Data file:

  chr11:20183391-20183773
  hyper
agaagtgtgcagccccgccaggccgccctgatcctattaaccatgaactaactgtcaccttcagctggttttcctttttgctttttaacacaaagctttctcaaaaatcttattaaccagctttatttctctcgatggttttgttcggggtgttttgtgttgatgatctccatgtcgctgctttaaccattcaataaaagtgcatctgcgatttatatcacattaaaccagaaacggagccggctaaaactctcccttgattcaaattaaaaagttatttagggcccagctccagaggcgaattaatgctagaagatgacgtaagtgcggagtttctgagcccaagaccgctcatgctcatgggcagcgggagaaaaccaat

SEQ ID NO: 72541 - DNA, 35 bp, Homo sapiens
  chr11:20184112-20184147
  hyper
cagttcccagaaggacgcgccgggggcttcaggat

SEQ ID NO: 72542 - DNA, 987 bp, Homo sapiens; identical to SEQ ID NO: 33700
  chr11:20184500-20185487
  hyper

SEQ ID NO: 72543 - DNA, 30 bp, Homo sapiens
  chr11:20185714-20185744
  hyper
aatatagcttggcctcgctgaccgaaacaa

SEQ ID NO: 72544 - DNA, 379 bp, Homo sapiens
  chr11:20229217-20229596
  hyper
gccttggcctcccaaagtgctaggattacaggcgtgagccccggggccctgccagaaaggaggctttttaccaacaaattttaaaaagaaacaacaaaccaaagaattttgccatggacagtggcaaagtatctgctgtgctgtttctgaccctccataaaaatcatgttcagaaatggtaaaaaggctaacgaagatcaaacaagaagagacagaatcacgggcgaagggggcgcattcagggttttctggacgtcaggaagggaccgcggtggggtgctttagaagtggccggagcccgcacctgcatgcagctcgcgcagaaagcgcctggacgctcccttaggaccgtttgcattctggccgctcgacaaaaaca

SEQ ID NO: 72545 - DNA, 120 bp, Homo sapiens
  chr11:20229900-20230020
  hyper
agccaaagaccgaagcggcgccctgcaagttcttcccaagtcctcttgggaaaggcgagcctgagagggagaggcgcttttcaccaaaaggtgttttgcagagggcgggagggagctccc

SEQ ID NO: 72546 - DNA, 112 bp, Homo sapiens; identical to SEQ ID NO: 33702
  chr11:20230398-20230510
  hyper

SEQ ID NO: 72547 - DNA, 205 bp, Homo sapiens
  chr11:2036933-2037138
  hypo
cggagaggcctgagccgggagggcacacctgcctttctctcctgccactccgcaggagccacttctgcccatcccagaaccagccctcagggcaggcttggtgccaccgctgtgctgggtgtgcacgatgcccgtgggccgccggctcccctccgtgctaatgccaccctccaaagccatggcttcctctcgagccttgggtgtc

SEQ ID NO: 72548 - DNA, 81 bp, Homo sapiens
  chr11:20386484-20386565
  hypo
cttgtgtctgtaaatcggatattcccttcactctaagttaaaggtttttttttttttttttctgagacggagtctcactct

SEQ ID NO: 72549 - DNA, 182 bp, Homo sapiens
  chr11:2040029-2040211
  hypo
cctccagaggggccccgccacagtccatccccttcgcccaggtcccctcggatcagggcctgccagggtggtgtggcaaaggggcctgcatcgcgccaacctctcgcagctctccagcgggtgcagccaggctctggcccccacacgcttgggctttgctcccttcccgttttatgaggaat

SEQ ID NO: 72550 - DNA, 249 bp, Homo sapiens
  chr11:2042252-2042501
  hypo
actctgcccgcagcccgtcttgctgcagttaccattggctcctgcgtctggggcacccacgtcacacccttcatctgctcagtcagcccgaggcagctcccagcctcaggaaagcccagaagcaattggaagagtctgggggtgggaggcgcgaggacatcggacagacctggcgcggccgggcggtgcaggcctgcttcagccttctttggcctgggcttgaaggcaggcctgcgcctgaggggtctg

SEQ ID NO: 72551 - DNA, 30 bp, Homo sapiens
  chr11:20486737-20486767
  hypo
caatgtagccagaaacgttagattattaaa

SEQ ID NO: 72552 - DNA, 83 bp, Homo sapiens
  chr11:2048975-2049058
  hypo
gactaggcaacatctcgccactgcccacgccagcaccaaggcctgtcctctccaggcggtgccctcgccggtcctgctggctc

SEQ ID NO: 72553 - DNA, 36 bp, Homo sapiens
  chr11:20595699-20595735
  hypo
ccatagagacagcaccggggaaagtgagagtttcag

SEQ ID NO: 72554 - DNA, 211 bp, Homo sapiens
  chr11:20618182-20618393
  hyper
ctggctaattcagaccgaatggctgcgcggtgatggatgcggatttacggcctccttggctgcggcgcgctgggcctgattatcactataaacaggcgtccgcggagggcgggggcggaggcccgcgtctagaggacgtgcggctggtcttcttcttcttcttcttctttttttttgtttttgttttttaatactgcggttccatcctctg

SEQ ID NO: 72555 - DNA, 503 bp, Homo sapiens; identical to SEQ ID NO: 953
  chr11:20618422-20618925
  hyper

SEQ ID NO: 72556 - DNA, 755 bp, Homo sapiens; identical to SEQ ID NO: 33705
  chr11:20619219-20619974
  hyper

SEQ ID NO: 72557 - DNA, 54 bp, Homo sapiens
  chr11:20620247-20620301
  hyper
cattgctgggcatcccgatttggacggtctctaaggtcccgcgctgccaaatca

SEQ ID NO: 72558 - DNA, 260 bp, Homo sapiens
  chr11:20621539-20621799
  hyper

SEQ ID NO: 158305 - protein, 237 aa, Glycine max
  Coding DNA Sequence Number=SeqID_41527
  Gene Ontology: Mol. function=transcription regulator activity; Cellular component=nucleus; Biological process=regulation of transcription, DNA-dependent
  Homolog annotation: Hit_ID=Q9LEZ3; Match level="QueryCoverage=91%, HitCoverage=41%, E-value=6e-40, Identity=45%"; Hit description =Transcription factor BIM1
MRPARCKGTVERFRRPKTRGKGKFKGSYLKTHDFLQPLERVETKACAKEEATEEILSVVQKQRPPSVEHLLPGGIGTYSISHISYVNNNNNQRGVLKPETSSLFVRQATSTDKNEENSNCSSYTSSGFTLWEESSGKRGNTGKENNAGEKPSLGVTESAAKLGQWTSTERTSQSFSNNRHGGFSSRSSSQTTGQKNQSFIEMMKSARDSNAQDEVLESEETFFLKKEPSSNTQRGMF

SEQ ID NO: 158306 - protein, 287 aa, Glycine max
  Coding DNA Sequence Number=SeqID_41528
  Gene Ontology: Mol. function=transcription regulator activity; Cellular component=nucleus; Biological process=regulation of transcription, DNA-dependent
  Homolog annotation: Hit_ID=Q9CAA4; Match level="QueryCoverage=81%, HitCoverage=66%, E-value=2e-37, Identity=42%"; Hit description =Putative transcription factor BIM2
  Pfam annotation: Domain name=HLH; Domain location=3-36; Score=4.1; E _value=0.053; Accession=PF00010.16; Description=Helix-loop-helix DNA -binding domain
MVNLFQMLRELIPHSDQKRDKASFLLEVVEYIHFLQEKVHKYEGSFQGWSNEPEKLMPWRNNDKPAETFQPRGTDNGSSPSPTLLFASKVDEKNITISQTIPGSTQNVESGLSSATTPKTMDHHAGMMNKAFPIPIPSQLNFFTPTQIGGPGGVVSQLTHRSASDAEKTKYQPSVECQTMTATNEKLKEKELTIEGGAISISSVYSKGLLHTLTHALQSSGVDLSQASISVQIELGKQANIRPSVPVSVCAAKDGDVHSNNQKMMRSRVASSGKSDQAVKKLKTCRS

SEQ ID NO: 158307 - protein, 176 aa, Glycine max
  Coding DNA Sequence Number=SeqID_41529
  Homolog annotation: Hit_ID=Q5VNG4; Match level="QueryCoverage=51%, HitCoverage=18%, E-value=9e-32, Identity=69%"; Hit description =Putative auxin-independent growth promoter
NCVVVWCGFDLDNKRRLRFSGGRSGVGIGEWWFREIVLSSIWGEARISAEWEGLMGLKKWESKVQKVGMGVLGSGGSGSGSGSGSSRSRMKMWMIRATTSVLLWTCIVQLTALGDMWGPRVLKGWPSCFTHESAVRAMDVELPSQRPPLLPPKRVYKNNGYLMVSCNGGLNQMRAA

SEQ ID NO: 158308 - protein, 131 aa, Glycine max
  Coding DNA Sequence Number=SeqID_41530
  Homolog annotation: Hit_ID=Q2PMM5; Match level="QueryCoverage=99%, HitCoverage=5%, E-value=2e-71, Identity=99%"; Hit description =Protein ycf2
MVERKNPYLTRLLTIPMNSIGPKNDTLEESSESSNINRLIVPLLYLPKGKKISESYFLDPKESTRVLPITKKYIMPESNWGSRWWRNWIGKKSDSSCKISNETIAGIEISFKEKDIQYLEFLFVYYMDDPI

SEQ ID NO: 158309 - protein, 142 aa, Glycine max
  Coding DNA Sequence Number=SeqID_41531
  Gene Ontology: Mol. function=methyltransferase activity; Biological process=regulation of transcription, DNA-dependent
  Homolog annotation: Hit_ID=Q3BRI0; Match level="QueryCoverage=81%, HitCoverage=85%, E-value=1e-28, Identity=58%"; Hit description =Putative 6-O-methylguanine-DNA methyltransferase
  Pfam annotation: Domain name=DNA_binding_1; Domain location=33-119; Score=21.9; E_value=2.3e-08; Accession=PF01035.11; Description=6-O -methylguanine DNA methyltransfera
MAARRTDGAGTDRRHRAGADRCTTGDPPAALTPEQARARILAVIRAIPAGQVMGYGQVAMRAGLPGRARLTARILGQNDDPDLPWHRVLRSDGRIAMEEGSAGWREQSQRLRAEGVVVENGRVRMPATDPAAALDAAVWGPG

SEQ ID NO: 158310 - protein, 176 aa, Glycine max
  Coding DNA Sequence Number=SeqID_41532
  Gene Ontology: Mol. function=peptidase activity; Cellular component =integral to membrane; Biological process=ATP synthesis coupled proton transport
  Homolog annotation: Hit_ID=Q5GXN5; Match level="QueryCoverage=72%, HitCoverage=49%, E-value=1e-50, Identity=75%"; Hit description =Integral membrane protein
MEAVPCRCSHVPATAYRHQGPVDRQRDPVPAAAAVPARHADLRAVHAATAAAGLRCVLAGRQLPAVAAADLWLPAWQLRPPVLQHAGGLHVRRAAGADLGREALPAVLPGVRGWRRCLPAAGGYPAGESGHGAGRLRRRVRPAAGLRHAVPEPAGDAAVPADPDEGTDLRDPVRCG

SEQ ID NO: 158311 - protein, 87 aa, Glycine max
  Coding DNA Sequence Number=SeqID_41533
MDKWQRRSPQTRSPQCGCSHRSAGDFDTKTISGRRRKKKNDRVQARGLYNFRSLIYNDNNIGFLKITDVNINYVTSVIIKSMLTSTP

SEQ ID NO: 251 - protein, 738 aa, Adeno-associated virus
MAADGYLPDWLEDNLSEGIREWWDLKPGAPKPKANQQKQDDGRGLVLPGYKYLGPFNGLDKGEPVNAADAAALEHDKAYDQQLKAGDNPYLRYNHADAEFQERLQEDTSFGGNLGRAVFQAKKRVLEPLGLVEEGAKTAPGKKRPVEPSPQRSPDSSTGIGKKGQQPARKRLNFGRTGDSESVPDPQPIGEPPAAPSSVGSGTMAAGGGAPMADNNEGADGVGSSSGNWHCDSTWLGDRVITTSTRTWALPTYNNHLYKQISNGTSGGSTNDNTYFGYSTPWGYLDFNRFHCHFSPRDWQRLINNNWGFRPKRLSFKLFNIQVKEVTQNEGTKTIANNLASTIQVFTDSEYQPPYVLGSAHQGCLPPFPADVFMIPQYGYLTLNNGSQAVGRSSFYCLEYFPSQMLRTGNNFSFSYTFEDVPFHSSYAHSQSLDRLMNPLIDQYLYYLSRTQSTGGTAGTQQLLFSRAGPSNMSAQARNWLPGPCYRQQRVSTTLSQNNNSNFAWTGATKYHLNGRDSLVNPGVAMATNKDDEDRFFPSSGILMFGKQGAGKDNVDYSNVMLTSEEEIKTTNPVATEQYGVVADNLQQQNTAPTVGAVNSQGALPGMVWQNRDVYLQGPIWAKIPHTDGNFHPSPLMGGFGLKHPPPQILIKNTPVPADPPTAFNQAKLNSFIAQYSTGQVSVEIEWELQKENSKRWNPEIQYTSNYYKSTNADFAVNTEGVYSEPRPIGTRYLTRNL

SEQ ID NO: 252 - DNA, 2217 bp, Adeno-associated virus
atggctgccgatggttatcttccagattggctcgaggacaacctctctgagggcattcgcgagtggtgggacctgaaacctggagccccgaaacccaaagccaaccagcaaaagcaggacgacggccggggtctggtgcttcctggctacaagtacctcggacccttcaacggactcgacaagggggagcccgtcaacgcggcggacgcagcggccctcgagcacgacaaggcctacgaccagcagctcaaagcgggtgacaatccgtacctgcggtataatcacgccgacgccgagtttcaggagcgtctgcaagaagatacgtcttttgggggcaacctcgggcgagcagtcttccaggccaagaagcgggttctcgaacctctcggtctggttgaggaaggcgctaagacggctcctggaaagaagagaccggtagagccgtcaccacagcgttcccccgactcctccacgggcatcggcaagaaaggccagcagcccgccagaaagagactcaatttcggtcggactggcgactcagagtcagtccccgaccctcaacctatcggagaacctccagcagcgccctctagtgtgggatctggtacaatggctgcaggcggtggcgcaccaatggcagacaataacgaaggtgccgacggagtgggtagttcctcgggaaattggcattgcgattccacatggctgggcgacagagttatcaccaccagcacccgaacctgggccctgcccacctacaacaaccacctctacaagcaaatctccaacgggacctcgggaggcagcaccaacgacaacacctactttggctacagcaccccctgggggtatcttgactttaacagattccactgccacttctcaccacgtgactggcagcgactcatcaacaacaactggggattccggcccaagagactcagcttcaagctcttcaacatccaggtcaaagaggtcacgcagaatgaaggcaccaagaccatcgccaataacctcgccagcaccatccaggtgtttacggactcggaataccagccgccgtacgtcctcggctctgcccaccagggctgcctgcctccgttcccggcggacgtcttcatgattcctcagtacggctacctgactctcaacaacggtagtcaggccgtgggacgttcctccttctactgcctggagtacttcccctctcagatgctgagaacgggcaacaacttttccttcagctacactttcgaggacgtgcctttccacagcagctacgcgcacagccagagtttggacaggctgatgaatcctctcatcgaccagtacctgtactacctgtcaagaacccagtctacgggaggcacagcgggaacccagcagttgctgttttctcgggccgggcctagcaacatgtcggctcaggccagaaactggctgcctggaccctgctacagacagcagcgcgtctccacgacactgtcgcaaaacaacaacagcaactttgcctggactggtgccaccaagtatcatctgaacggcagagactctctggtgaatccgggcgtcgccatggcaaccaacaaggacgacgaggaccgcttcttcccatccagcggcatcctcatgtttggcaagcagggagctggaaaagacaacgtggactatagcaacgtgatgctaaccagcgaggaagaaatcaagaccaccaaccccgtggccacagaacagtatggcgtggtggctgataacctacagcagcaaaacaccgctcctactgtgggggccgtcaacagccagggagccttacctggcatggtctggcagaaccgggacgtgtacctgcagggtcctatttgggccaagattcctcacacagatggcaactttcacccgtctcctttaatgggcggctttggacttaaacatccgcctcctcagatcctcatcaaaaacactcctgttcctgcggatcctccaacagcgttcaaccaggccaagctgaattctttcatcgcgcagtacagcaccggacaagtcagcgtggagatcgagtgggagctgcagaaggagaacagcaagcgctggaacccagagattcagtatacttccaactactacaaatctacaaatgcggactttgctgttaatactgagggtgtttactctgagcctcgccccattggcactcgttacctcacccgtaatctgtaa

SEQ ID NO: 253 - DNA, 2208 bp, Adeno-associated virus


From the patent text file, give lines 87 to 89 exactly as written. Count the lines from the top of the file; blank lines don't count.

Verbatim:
  Coding DNA Sequence Number=SeqID_41530
  Homolog annotation: Hit_ID=Q2PMM5; Match level="QueryCoverage=99%, HitCoverage=5%, E-value=2e-71, Identity=99%"; Hit description =Protein ycf2
MVERKNPYLTRLLTIPMNSIGPKNDTLEESSESSNINRLIVPLLYLPKGKKISESYFLDPKESTRVLPITKKYIMPESNWGSRWWRNWIGKKSDSSCKISNETIAGIEISFKEKDIQYLEFLFVYYMDDPI